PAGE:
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Nigeria: Labour counters Tinubu, says no agreement reached on minimum wage

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The organised labour in Nigeria has countered claims by President Bola Tinubu that an agreement on a national minimum wage has been reached on between the Federal Government and the leadership of labour unions.

Tinubu had, during a broadcast on Wednesday while commemorating the country’s 2024 Democracy Day, claimed that a consensus had been reached on the long-debated new minimum wage between the government and organised labour.

In the national broadcast, Tinubu said that an executive bill will soon be sent to the National Assembly to formalise the new minimum wage agreement, adding that his administration chose a democratic approach over dictatorship in addressing the demands of labour unions.

But while denying that an agreement has been reached, acting President of Nigeria Labour Congress (NLC), Prince Adewale Adeyanju, in a statement, insisted that there was no agreement reached by the Tripartite Committee on the National Minimum Wage at the time negotiations ended on Friday, June 7.

“We reiterate that it will be extremely difficult for Nigerian workers to accept any national minimum wage figure that approximates to a starvation wage,” Adeyanju stated.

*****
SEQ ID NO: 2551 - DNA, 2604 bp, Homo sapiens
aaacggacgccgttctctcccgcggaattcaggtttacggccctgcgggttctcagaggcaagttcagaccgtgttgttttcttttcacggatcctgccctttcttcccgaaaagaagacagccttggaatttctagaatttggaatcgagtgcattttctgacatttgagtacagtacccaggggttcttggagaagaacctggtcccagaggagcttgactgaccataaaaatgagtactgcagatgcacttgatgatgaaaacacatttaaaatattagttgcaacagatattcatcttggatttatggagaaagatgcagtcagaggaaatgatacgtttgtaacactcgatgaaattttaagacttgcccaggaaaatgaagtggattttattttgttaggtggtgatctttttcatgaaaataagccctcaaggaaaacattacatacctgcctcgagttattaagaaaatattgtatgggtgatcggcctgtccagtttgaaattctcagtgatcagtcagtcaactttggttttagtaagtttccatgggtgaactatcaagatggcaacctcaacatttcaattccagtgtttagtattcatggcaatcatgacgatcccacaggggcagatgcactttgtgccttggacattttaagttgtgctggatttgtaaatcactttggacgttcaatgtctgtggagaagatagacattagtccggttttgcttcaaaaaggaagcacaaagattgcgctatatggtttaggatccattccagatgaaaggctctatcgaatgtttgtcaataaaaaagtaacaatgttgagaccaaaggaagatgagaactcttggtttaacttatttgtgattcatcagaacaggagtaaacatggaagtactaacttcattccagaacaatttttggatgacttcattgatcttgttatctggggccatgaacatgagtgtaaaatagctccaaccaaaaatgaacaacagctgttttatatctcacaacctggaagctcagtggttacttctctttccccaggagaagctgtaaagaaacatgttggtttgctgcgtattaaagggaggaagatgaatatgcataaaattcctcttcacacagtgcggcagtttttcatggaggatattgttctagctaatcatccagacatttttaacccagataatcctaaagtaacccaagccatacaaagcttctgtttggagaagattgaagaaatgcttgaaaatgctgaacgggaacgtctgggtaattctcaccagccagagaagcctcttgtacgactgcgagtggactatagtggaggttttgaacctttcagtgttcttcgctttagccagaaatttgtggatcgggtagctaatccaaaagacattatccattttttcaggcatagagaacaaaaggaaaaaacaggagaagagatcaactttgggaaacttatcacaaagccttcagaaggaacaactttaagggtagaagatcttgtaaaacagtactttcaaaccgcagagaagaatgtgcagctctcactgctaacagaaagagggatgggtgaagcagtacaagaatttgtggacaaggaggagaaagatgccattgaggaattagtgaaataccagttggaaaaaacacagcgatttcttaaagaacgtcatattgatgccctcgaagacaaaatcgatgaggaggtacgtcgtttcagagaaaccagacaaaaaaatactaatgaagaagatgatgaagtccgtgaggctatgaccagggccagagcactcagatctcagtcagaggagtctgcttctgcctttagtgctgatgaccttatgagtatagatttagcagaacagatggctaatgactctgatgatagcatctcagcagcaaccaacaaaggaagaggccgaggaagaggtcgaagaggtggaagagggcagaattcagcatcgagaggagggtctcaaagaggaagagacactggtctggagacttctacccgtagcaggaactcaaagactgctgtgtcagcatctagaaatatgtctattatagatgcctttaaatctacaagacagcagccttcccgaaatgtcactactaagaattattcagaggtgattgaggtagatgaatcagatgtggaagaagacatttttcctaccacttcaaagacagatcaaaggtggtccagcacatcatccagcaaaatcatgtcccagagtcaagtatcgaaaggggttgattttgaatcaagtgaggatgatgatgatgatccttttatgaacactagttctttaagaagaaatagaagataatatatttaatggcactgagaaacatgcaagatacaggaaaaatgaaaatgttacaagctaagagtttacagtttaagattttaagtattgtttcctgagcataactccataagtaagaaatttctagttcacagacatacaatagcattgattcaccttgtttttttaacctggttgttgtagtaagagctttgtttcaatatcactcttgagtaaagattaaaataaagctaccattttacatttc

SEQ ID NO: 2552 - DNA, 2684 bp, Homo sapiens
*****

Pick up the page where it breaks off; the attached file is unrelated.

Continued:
“We cannot be working and yet remain in abject poverty.
The Nigeria Labour Congress (NLC) attentively listened to the Democracy Day Presidential address delivered by His Excellency, Senator Bola Ahmed Tinubu, especially concerning the ongoing National Minimum Wage negotiations.

“While the President may have accurately recounted parts of our democratic journey’s history, it is evident that he has been misinformed regarding the outcome of the wage negotiation process.

“To quote Mr. President; “As we continue to reform the economy, I shall always listen to the people and will never turn my back on you. In this spirit, we have negotiated in good faith and with open arms with organized labour on a new national minimum wage. We shall soon send an executive bill to the National Assembly to enshrine what has been agreed upon as part of our law for the next five years or less.

“In the face of labour’s call for a national strike, we did not seek to oppress or crack down on the workers as a dictatorial government would have done. We chose the path of cooperation over conflict. No one was arrested or threatened. Instead, the labour leadership was invited to break bread and negotiate toward a good-faith resolution.’